Two Australian universities have joined an international platform that aims to facilitate university-industry collaborations.
Enhanced behaviour modelling software has been developed that could eventually create real-time combat simulations.
The University of Tasmania is tracking the behaviour of tourists who visit the island state, with a particular focus on visitors from China.
A round of applications is expected to open in August for 11 newly funded Cooperative Research Centre (CRC) projects.
A major focus for medical technology is data sharing, with experts from across the healthcare sector looking to connect.
Chemical engineer Frances Arnold received the prize for creating a revolutionary method of engineering enzymes.
The Blue Mountains Low Carbon Living program has released a website and app to help tourists find low carbon businesses.
RMIT has secured funding to build an automotive centre that will direct the Australian automotive industry towards high-value exports.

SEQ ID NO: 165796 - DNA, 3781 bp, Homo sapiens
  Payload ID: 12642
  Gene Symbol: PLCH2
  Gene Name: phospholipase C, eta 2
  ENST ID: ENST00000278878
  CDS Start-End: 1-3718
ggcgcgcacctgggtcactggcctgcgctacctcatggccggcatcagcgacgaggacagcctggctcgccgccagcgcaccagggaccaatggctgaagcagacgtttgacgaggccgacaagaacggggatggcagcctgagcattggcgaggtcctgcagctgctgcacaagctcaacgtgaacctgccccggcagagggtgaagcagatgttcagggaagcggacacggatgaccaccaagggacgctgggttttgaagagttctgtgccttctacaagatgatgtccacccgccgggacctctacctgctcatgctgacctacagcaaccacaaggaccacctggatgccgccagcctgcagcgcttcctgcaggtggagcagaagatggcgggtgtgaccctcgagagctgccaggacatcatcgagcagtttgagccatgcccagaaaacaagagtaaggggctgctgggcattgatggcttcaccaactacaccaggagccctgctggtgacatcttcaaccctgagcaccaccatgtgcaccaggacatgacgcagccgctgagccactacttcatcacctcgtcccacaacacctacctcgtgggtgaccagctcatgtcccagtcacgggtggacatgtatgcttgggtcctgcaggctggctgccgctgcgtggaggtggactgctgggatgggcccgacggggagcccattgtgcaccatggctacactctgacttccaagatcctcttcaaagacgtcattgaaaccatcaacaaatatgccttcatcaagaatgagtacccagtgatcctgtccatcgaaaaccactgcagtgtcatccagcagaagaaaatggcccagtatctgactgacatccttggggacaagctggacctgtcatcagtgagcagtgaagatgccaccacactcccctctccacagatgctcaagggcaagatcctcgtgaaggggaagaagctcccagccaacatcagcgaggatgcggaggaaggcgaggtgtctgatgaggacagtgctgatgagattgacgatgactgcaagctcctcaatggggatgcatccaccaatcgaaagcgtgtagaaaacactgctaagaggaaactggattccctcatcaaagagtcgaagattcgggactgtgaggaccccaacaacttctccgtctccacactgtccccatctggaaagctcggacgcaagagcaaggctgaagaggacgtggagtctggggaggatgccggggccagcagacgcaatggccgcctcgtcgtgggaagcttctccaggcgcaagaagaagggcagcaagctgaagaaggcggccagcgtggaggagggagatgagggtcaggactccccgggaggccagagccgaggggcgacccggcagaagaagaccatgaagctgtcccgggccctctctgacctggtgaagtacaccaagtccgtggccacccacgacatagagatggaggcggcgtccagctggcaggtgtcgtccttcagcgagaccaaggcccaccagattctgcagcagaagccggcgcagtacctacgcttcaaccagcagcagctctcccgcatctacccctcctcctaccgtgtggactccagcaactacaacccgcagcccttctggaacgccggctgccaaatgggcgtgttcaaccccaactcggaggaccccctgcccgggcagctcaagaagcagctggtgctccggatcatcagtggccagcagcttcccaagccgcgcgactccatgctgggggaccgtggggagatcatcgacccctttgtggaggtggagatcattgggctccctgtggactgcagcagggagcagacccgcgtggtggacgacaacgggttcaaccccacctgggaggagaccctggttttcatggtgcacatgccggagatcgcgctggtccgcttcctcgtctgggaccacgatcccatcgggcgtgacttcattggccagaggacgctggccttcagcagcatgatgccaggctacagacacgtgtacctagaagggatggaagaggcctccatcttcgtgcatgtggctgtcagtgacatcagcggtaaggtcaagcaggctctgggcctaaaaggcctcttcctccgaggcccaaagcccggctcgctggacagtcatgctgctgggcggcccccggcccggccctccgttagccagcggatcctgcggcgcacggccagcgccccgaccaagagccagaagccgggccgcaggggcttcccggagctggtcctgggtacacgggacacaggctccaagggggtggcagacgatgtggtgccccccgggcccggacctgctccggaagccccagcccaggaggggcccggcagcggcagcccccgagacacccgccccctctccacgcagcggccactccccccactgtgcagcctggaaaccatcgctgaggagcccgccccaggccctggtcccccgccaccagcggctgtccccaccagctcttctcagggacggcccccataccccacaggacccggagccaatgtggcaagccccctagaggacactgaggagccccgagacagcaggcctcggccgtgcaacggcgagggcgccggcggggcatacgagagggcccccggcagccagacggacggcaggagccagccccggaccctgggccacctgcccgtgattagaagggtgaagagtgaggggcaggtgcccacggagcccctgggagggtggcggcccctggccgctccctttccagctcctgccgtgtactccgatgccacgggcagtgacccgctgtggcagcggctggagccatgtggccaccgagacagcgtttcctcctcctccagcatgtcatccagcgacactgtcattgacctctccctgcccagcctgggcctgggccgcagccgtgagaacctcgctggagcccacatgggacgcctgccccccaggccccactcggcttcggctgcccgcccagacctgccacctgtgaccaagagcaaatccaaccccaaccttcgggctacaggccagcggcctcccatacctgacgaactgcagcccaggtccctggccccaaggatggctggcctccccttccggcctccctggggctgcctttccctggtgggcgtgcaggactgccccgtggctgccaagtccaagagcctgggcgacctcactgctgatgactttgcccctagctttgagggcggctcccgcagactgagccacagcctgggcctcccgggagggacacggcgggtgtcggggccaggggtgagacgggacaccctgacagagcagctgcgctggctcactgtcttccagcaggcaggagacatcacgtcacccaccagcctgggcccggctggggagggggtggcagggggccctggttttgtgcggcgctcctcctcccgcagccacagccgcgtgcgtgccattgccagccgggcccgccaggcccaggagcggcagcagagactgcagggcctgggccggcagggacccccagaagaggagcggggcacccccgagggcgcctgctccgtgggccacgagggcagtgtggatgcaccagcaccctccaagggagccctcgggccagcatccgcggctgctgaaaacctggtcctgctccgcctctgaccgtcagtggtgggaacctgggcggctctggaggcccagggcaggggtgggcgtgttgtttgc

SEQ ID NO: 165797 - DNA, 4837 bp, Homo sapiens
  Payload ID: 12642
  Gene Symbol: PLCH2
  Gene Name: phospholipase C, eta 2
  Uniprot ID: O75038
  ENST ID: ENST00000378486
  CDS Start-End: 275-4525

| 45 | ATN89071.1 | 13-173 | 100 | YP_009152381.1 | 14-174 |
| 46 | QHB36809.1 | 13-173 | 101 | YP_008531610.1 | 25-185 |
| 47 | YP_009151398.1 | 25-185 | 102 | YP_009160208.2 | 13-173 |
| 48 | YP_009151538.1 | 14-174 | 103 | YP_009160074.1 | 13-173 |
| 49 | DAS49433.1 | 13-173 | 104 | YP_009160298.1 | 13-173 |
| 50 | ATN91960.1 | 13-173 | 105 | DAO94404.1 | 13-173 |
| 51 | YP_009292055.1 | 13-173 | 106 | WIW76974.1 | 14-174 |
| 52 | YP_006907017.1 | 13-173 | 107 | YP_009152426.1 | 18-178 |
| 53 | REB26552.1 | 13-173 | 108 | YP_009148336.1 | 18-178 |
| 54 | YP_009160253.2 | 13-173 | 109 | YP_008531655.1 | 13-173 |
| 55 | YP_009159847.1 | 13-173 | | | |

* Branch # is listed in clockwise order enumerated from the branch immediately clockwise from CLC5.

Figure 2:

New modelling of the Melbourne property market offers investors insights into rental yields.
A new mathematical theory offering insights into AFL could also be used to solve logistical problems in mining.
A leading global defence and security company is developing hi-tech industry applications for Microsoft’s HoloLens Platform.
Inspection technology using ultrasound and magnetic measurement helps to maintain natural gas pipelines.
Australia is well positioned to take advantage of opportunities in the economic growth area of biocommodities.
Curtin University has created TopDump – a mine waste optimiser that could cut costs and reduce environmental damage.
There are still profits to be extracted from mining in Australia, as long as we are willing to make some smart, clear-eyed choices.
The Low Carbon Living CRC drives new efforts to cut residential and commercial carbon emissions.
Climate change will have an impact on plant growth and the nutritional value of the food we produce.
For Australia to move forward with a new #ideasboom, promoting collaboration and partnerships over pure academic achievement, women in science must lead the charge.
Finding collaborators and creating an interdisciplinary culture is key to successful research commercialisation.
Australian companies are collaborating with early career researchers to find commercial solutions to real-life problems.